Will Impunity Ever End? Sri Lanka Ranked 141st in World Press Freedom Index


The World Press Freedom Index published by the ‘Committee for Protection of Journalists'(CPJ) reveals that the Press Freedom in 2017 has been seriously violated worldwide.
According to the investigation report in 172 countries, turkey has become the worst state that violates freedom of Media. By April this year, 152 Turkish journalists have been sent to jail. In addition to that, 170 media institutions have been closed down. It is recognised that State media censorship, organised crime and commercial impacts are major threats to the freedom. According to the report, Media freedom in Turkey, Brazil , Burundi, Egypt, Poland, Venezuela and Bangladesh has been heavily suppressed. After the year 2000, the biggest threat to media freedom has been targeted in 2017.
In 2016, there have been 426 attacks on journalists and media reported in Mexico alone. Similarly, Britain has also imposed heavy rules of procedure to investigate under the Investigation Powers Act. In 2016, 259 journalists from all over the world were imprisoned and 79 were killed. According to the report, US President Donald Trump has humiliated the media saying that the media broadcasts fake news.
Meanwhile, the Media Freedom Index published by the ‘Reporters Without Borders’, Sri Lanka was ranked 141st place. Their website explains how the current government has fulfilled its promises to media freedom:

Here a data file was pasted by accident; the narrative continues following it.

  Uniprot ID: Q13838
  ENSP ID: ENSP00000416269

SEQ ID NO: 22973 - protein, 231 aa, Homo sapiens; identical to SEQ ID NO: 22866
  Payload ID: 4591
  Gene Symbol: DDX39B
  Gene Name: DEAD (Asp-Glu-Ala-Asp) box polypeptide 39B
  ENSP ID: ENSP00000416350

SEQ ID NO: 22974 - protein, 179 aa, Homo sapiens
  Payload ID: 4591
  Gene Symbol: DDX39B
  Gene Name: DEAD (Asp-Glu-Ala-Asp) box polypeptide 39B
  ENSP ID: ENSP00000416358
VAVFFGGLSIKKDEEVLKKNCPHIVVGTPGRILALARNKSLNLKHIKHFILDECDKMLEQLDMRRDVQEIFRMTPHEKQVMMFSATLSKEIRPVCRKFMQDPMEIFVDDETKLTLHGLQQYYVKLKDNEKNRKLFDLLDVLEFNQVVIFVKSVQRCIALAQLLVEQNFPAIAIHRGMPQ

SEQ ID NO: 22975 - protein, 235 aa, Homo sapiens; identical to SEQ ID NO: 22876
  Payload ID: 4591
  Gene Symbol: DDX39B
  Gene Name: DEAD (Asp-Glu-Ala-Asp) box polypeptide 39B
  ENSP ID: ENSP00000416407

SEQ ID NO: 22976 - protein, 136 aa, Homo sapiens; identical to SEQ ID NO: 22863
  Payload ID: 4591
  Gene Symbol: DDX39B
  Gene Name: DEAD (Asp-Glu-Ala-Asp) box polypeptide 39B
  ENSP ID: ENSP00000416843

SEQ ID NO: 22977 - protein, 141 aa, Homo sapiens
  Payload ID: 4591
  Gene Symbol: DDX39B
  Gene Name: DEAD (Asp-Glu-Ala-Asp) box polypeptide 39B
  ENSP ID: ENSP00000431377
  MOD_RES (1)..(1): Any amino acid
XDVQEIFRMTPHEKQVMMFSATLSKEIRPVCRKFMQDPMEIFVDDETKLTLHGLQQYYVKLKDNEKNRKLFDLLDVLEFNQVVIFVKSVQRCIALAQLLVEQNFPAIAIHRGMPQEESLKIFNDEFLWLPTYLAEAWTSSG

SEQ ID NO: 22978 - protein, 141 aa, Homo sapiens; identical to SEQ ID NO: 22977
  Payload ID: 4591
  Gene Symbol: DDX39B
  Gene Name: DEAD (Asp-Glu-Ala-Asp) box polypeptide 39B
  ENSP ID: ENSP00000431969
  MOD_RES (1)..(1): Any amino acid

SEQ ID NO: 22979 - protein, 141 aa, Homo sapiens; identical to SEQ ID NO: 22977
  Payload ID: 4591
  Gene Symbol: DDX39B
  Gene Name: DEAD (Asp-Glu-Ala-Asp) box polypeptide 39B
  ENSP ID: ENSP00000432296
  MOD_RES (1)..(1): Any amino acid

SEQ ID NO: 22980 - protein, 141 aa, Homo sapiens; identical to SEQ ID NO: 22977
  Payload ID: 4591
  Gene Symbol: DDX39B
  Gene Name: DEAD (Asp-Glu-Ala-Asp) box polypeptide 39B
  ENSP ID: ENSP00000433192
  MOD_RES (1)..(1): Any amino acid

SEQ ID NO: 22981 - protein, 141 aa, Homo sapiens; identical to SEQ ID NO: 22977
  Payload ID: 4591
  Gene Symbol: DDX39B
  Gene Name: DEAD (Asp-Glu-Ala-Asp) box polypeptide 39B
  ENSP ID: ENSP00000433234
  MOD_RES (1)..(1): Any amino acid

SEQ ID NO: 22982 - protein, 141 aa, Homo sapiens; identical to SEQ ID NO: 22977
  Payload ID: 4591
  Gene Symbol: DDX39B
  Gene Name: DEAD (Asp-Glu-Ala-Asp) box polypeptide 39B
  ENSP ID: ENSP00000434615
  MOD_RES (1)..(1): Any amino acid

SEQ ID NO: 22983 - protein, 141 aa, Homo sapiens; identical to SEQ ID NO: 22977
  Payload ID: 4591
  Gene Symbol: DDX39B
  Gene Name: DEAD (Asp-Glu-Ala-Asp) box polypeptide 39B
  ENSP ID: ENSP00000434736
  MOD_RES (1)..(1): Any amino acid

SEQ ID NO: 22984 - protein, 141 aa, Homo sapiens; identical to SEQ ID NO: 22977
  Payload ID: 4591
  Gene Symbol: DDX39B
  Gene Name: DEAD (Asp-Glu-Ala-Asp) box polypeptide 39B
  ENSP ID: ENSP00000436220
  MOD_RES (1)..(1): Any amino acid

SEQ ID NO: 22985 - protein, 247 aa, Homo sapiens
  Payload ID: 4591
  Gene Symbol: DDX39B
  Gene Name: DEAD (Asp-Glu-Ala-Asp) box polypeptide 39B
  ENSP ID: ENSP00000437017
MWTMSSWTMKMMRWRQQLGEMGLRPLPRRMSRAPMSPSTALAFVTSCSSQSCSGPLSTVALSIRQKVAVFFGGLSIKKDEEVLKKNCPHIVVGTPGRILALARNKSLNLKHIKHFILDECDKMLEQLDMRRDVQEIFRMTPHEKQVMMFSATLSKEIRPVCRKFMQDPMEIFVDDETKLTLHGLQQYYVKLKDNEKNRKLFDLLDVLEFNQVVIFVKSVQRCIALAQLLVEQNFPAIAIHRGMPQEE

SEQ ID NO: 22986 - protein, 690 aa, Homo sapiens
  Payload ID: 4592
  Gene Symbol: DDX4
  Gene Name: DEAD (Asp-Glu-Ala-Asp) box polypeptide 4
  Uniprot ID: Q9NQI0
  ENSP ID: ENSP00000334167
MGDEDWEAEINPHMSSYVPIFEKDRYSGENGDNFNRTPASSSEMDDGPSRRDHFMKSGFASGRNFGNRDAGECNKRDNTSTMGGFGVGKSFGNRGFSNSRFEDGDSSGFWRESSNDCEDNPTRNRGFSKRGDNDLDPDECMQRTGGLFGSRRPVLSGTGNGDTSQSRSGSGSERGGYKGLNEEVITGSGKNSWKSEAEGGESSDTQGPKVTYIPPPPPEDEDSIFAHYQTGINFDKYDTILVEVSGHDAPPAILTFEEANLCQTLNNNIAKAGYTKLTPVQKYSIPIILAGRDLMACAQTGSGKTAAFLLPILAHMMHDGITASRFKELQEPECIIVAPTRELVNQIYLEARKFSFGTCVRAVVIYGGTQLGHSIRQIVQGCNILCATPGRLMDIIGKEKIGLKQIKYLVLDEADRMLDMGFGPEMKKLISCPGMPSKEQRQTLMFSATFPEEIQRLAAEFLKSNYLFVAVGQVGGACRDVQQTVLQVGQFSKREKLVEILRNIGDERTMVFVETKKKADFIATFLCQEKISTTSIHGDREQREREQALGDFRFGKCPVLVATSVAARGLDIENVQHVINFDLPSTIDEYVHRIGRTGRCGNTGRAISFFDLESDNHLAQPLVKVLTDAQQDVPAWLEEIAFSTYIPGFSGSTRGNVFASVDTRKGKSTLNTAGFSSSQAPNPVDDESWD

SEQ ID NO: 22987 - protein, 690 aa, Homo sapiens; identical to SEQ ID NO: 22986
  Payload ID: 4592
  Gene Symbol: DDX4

“Will impunity ever end?

A few months after being sworn in as President in January 2015, Maithripala Sirisena said he wanted to re-open all investigations into the murders of journalists. Some progress has been made in the investigation into Lasantha Wickrematunga’s murder, but most other investigations of this nature go unresolved. The new government also assured journalists that they would not be persecuted due to their political views or their coverage of sensitive subjects such as corruption and human rights violations by the military. However, an attack on journalist Freddy Gamage in June 2016 fuelled the doubts of both the public and media freedom defenders. The Tamil media, often the target of attacks and censorship both during the civil war and after, are still on their guard. In March 2016, the ministry of parliamentary reform and mass media ordered all news websites to register with the government or become illegal. This vague and disproportionate directive immediately reminded the media and citizen journalists of former President Mahinda Rajapaksa’s censorship methods.